But let's not focus on the negative. Let's instead focus on my desire to own Dizzy's jacket. I need to get better at sewing.

They steal the local asshole cop's car and head off to find Angel and Mok in Nuke York, but border patrol arrests them faster than a group of teenage Wisconsinites would get nabbed for trying to cross the border back into the U.S. with that sweet Canadian nectar. Angel on the other hand gets to take a break from being a prisoner when the brothers' sister sneaks into her room and gets her to come out clubbing with her. Along the way she hears Mok's plan to summon a large demon thing and his computer informing him that the beast can be sent back by "one voice, one heart, one song", but there is "no one". Interesting.


Yikes, alright, whatever you say. Anywho, Dizzy's aunt bails the boys out of jail and helps them learn of Cindy, said sister of the large henchmen Mok employs. They learn she's got a very particular tattoo on her ass and luckily she wears short enough skirts that it can be readily visible. They also learn her favourite hangout is Club 666 and they head there to find her. Things heat up when Cindy's brothers and Mok show up, which results in short chase and Omar witnessing Angel and Mok making out, which results in him becoming visibly upset and hurt. It not really her though, rather being a woman called What's Her Face who is an expert at impersonating others.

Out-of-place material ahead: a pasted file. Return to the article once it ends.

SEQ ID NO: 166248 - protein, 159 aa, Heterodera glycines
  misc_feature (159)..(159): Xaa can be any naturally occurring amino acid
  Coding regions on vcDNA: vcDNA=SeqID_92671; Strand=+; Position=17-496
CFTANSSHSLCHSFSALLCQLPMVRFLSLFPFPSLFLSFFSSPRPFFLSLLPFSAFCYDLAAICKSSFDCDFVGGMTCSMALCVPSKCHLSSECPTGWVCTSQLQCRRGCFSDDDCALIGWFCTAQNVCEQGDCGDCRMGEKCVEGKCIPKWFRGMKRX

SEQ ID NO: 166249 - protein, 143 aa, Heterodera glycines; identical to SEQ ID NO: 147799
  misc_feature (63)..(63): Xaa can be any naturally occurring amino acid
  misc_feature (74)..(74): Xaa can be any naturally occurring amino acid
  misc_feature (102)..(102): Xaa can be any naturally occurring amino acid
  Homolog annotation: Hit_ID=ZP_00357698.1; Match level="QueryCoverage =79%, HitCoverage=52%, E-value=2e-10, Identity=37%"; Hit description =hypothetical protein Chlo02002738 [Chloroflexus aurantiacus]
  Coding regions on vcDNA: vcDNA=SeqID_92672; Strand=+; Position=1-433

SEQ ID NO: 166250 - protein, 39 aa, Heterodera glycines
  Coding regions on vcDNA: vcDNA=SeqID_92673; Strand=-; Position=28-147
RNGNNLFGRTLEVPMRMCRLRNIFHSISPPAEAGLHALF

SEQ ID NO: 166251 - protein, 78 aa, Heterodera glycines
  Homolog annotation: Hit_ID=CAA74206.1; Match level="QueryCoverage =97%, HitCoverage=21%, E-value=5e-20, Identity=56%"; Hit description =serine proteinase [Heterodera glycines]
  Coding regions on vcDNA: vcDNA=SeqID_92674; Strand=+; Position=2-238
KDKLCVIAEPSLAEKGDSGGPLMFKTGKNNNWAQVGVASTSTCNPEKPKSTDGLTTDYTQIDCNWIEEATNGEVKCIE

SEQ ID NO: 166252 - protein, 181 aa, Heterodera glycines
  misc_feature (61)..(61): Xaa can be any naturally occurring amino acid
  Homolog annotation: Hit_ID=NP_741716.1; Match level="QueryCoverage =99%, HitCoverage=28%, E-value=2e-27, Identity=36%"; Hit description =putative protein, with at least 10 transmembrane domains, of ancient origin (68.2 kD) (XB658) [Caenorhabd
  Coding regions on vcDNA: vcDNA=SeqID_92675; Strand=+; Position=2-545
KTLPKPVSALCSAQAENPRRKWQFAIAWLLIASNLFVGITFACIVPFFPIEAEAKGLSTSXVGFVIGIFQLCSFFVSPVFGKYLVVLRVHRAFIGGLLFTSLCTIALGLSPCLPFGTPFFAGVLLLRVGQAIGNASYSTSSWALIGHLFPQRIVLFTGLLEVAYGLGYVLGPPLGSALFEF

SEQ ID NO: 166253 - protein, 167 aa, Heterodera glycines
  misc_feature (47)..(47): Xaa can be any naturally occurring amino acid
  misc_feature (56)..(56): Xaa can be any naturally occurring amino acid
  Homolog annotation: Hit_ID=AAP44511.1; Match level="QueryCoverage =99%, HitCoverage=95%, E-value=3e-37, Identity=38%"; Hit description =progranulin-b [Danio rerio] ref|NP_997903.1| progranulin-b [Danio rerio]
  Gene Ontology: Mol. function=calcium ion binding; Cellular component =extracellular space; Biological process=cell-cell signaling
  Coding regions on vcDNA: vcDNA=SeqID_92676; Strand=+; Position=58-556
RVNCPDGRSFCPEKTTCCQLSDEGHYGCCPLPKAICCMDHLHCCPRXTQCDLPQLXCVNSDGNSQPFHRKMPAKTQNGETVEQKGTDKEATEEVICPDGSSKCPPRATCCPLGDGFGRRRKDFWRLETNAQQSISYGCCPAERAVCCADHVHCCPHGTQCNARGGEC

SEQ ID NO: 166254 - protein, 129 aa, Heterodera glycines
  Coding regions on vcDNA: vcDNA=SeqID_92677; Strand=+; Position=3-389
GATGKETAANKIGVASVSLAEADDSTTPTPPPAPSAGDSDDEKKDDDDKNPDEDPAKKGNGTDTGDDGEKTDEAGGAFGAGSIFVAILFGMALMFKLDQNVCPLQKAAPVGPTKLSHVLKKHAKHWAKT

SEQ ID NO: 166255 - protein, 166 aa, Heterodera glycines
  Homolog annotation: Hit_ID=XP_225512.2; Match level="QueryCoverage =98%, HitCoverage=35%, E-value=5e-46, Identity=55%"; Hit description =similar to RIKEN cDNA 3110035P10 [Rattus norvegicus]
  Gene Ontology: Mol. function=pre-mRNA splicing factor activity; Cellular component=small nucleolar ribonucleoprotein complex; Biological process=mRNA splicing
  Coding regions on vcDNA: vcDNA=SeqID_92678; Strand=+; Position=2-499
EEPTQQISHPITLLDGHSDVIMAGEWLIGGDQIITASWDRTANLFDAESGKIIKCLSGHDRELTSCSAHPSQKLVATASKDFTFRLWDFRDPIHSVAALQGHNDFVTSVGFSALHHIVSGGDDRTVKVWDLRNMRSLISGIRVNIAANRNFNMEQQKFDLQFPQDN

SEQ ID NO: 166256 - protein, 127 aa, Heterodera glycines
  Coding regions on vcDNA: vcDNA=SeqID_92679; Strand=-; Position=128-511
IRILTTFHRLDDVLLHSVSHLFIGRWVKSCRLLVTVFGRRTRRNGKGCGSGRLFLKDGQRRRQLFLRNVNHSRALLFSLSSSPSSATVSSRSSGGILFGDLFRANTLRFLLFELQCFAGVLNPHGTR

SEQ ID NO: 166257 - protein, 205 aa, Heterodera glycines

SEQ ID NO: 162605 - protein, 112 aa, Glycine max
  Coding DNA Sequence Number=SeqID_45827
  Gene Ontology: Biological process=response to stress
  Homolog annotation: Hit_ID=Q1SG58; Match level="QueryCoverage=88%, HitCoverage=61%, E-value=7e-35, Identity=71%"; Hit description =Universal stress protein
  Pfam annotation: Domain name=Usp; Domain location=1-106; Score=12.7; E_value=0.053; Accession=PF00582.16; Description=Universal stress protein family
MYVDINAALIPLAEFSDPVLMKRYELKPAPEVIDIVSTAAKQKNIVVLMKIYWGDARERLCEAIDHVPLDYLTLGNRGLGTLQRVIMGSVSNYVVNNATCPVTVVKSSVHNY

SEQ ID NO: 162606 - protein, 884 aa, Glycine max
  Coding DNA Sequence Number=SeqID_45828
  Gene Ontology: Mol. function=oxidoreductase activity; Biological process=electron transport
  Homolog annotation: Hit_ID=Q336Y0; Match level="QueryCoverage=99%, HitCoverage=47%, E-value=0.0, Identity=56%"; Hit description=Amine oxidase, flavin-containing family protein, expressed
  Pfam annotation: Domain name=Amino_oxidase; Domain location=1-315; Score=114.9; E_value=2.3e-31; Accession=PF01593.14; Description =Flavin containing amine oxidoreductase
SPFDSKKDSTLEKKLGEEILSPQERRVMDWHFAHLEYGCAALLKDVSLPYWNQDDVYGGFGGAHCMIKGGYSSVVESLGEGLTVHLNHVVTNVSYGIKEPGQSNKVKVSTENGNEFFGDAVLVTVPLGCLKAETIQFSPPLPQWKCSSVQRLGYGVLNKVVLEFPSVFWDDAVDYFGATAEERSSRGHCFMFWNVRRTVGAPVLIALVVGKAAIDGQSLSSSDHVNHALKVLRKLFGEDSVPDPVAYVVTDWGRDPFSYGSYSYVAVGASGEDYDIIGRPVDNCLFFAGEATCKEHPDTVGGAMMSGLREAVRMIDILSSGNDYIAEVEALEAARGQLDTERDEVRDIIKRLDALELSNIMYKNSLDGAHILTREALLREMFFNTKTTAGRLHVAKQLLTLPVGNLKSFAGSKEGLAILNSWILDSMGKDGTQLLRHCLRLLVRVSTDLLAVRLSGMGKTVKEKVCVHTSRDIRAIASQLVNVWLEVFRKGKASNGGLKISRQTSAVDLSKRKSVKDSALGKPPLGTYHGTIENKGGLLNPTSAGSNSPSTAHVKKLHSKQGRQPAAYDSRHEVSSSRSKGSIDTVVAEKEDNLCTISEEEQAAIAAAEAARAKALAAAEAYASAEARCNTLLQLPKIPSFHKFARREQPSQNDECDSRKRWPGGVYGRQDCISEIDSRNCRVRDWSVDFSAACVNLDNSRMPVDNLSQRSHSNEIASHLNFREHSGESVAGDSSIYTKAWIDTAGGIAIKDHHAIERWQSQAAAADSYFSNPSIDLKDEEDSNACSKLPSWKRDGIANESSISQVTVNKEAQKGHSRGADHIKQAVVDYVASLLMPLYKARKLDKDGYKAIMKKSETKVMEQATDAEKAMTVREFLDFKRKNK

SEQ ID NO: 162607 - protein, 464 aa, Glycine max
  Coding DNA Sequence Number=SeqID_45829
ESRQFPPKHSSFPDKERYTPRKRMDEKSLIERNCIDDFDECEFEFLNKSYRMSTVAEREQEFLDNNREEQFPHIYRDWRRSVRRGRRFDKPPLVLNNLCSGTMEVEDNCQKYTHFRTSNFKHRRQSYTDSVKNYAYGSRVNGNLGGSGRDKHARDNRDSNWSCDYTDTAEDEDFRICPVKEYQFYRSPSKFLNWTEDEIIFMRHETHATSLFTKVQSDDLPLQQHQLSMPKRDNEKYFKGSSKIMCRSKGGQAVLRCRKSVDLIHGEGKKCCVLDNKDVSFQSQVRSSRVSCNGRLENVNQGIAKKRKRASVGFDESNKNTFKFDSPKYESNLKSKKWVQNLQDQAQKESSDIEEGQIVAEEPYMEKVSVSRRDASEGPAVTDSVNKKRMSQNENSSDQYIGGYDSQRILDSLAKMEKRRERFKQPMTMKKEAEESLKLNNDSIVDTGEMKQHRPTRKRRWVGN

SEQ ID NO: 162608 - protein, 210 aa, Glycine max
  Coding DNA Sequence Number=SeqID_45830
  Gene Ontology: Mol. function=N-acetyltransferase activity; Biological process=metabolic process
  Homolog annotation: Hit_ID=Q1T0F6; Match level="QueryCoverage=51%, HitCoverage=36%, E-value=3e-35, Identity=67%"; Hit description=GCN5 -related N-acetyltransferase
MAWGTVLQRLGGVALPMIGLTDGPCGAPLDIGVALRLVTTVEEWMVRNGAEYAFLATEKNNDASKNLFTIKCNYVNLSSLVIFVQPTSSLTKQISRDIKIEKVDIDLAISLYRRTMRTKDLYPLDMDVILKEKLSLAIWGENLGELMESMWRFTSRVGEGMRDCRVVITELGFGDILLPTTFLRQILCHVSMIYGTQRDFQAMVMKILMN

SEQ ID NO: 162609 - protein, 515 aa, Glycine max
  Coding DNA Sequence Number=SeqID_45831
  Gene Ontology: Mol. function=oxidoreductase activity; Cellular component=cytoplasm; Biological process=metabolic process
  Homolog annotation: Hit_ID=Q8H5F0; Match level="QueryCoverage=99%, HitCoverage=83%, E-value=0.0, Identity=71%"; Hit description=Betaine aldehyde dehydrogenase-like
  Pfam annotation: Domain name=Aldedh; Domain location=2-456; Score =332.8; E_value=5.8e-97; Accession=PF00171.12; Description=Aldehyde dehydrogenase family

I somehow doubt she'd be able to replicate Cindy though.

Mok captures and tortures the boys, using them to force Angel to do what he wants. She agrees to help him if he lets them go, but he takes the time to also fry their brains a bit, resulting in them being abnormally happy as they leave to go sing very different songs from the ones we saw them performing previously. It is...unsettling, to say the least.

"Brainwashed? That's silly. We couldn't even find any soap. We did find some used needles though."

Mok's concert doesn't quite go as he planned either though, resulting in Nuke York being decimated and there being no giant demon creature to play with. Angel tries to seduce Mok to cancel the next concert and just run away with her, as she wants to save the world from demon things shitting everywhere, but he doesn't bite. The next concert is decided to be in Ohmtown, because there's more power there, and it causes a power surge than electrocutes our scarily brainwashed heroes back into themselves. Dizzy and Stretch go off to try stopping Mok, but Omar refuses, still believing that Angel betrayed them and chose Mok over him. So, it's off to the concert as the finale of the film builds.